Working with Deltares and other partners, a range of knowledge questions are being investigated relating to the harvesting of offshore solar energy. Oceans of Energy wants to scale up this system further in the coming years to 10 MW and then to 100 MW, the equivalent of energy for 30,000 households.

Solar-panel test array in the Delta Flume

A test array with the floating solar panels will be exposed in the Delta Flume/Deltagoot at Deltares to waves similar to those seen in the North Sea. Roderik Hoekstra, a hydraulic engineer at Deltares: “The sea is not the easiest place to build a floating solar farm. Waves really stress the solar panels. In the Delta Flume, we will be measuring, among other things, the magnitude of those forces and how we can optimise the configuration of the solar panels on the floating platforms. The results will allow us to draft design guidelines.”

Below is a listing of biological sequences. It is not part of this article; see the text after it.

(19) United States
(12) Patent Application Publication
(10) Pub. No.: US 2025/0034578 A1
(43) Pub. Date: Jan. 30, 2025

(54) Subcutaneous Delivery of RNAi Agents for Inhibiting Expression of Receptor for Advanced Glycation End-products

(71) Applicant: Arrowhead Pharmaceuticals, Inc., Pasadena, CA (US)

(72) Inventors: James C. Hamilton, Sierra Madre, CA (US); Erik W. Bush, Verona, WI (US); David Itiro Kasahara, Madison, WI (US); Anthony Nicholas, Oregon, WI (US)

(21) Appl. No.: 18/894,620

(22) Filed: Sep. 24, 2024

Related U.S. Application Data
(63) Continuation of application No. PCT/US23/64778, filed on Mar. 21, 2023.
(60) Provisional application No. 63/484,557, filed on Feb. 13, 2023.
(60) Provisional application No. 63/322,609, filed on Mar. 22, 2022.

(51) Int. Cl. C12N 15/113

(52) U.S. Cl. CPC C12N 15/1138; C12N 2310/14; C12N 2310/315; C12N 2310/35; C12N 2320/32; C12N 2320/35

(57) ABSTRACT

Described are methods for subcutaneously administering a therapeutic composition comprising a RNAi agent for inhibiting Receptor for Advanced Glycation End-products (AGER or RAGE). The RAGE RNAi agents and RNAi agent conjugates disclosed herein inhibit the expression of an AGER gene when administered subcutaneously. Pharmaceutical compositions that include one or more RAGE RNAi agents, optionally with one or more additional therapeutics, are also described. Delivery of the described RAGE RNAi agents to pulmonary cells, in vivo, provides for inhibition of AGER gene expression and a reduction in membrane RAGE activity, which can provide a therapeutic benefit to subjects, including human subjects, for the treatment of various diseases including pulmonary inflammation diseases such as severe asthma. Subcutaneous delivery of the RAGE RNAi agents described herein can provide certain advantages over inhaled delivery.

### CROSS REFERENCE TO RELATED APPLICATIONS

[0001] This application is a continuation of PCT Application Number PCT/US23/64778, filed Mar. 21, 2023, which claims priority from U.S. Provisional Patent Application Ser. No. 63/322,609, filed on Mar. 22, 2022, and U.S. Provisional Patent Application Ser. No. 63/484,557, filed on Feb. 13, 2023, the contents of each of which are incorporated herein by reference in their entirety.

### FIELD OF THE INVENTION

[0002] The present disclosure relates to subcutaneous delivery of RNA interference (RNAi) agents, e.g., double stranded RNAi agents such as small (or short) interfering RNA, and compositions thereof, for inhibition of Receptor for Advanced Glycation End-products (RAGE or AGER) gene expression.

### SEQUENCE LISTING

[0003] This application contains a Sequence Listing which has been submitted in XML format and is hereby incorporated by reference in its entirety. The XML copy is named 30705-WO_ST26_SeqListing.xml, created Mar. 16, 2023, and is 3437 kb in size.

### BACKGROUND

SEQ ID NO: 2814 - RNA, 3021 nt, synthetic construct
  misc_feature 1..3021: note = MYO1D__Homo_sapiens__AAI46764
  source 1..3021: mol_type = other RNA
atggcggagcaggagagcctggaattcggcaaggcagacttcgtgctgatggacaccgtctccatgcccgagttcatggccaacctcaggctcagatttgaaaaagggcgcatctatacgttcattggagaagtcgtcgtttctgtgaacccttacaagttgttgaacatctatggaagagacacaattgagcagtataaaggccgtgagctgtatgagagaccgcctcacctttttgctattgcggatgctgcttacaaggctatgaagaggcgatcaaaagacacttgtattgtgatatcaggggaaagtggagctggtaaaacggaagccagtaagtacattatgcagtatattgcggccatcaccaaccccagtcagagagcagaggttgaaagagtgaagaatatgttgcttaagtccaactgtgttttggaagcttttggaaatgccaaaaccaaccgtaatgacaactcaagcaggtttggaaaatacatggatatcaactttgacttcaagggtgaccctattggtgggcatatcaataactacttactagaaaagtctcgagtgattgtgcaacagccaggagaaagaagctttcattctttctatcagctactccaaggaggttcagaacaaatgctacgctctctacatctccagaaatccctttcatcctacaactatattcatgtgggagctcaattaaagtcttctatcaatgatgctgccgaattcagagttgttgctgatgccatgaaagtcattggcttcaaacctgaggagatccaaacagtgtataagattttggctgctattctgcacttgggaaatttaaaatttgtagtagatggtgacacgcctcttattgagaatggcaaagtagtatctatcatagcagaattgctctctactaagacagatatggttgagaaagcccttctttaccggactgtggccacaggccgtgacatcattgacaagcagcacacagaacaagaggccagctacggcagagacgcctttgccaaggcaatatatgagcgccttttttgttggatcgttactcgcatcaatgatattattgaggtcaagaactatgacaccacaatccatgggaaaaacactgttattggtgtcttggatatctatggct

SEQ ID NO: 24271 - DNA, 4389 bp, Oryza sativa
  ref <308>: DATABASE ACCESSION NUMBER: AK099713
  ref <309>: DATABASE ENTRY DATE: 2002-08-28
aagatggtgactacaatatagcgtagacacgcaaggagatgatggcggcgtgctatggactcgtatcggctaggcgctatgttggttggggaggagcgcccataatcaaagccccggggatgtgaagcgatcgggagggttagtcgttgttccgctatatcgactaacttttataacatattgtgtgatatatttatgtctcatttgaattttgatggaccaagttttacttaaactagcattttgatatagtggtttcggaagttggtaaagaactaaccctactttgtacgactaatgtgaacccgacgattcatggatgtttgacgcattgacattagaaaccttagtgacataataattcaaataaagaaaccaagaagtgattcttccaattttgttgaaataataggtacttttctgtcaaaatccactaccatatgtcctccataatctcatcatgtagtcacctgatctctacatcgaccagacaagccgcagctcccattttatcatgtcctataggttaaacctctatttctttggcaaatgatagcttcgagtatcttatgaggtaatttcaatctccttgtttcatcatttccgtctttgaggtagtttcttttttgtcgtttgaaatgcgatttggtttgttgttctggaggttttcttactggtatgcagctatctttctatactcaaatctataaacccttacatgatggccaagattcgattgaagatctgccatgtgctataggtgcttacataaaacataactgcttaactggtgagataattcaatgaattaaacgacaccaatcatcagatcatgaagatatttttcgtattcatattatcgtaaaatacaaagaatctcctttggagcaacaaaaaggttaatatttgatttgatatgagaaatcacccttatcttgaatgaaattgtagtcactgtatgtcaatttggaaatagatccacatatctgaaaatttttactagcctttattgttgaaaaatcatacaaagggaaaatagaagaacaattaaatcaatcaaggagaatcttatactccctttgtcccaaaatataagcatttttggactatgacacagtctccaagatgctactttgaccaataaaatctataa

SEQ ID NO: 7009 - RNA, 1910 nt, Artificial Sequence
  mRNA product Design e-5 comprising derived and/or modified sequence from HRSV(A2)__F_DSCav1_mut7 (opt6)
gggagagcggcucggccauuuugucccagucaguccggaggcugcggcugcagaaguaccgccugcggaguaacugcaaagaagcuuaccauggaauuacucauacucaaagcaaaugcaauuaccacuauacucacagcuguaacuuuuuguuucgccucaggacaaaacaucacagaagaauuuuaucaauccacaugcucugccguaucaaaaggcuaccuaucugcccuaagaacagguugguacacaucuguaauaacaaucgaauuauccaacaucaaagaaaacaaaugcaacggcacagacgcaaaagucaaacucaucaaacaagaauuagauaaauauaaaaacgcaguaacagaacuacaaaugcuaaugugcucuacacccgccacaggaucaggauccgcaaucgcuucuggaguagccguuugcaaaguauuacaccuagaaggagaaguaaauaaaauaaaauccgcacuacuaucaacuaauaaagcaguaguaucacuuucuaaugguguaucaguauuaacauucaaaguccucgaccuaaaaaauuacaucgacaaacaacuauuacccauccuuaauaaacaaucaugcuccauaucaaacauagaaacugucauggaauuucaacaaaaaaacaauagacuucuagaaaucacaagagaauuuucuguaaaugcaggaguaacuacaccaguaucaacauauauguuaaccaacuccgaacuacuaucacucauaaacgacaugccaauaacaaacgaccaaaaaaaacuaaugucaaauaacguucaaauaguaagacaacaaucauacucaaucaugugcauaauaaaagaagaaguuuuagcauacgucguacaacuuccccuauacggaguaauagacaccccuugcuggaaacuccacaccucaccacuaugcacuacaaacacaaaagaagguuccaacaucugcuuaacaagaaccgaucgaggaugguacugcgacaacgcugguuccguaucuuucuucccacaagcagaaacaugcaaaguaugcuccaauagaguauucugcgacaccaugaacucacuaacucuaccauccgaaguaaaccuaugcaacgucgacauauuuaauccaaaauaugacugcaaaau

In addition, Deltares is looking at whether the solar panels have a damping effect on waves. In that way, we can find out whether favourable conditions can be created for aquaculture, for example. Oceans of Energy envisions installing the solar panels in wind farms to make effective use of this space. Hoekstra: ”The benefits increase if more functions can be linked to the solar farm. We are looking for the win-win situation. At this stage, things are starting to get a bit more concrete.” The tests in the Delta Flume will take place in the spring of 2022.

In addition to the technical research in the Delta Flume, Deltares will also play a coordinating role on getting a range of offshore stakeholders involved in the project. Mapping out the concerns and opportunities with regard to ecology will be central here.

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